JONATHAN CHAIT MAY 27, 2011
I usually tune out tracker video/campaign gotcha stuff, but this candid moment from Tim Pawlenty is actually pretty staggering:
REPORTER: U.S. foreign policy towards Iran [unintelligible] how would you address contradictions in the U.S? On the one hand we are opposing Iranian policy, but on the other hand by U.S. reconfigurating that part of the world we made Iran dominating Iraq and now we are pinning it on dominating of Pakistan. How would you address this contradiction in our foreign policy?
PAWLENTY: You're talking about Iran?
PAWLENTY: Yeah, well I think the situation now in Iran is such that Secretary Gates is negotiating with whether the United States military will be there beyond the end of this year. And they're looking to the Iranians to see if they invite the Americans to stay, invite us to stay. And if they do invite us to stay at some very reduced level I think the United States will be wise, until we make sure that they get to the next level of stability, to accept that invitation. So if Iran makes that invitation by the end of the year, leaving a residual force, a greatly reduced force, but a residual force that would be there for a temporary amount of time. Until they could establish much better air security, until they can develop their intelligence —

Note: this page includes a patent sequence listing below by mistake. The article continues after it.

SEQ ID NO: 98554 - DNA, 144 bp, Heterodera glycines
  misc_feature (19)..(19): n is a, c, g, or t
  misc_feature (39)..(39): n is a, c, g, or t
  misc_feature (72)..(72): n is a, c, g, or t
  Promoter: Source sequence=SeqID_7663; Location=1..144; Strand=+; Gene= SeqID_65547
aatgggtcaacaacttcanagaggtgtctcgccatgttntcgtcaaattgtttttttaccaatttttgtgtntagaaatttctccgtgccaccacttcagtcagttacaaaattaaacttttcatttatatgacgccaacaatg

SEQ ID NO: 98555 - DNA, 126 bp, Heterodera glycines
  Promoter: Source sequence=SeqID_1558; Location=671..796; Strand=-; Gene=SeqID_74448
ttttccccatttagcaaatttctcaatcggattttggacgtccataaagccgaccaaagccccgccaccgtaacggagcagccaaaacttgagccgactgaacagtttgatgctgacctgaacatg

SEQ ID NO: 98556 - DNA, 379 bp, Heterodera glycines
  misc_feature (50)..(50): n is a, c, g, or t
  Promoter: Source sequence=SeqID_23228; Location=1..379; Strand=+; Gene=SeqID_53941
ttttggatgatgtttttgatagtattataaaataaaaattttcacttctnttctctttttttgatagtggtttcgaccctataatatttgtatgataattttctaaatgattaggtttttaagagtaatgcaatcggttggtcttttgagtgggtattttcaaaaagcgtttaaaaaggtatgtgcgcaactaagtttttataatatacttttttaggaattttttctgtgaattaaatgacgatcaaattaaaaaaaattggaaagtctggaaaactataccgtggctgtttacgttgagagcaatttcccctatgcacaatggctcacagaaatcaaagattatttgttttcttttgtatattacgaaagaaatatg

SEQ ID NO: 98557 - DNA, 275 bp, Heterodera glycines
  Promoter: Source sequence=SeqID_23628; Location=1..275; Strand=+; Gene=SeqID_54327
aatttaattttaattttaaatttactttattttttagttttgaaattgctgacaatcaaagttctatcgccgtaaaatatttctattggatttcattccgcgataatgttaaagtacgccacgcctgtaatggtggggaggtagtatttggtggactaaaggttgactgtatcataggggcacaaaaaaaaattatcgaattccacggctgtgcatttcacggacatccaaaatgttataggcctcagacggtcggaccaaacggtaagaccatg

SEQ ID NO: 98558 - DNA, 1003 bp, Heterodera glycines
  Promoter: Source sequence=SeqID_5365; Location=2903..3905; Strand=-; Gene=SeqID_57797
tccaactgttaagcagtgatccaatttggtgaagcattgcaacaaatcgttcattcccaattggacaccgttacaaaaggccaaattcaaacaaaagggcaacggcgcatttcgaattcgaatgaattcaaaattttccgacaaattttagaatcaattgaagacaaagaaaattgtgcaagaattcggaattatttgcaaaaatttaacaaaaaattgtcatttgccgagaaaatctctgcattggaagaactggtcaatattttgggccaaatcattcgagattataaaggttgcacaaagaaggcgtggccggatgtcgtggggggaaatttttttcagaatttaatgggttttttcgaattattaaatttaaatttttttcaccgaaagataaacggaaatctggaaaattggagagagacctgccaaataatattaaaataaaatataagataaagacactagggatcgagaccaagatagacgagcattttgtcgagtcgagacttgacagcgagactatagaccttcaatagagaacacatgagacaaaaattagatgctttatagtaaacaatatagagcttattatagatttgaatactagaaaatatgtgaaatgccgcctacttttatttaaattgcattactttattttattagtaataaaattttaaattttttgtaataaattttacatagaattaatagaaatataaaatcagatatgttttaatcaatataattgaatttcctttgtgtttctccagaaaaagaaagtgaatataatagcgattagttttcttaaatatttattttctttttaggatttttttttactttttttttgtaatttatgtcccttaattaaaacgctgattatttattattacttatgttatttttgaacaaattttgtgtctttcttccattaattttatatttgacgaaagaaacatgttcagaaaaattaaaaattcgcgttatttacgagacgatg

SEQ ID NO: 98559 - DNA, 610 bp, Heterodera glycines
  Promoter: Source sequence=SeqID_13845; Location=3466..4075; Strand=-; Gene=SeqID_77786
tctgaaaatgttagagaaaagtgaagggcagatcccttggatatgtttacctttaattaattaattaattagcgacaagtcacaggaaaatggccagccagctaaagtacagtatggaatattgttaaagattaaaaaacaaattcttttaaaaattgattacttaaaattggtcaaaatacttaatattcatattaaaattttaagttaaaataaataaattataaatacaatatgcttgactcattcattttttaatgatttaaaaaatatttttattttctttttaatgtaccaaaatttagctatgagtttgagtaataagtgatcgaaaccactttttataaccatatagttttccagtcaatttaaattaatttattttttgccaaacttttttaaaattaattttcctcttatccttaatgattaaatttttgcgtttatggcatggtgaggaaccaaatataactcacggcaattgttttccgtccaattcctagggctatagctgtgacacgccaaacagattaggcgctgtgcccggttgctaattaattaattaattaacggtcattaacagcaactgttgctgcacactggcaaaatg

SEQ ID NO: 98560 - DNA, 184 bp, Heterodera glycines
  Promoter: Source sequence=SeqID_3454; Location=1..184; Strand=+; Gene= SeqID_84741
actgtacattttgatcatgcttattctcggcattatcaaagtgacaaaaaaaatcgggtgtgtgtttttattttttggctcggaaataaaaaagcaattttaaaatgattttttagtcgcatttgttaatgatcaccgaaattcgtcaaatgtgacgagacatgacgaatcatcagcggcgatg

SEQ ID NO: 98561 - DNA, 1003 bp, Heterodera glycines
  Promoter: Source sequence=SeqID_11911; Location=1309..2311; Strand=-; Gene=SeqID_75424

REPORTER: You mean Iraq not Iran, because Iran —
PAWLENTY: I'm sorry, Iraq, yes, yes. You said — did you say Iran or Iraq?
He didn't just mishear the question. And he didn't simply misspeak. He clarified that he was being asked about Iran -- "You're talking about Iran?" -- and then proceeded to utter five sentences about Iraq, only saying "Iran" each time.
I once had a high school history teacher who accidentally said "Iran" when he meant "Iraq." He recovered, joking, "Iran, Iraq, potato, po-tah-to," which became a popular catchphrase. The difference is that he immediately recognized the mistake, and we weren't occupying one of the countries at the time. Also he wasn't running for president.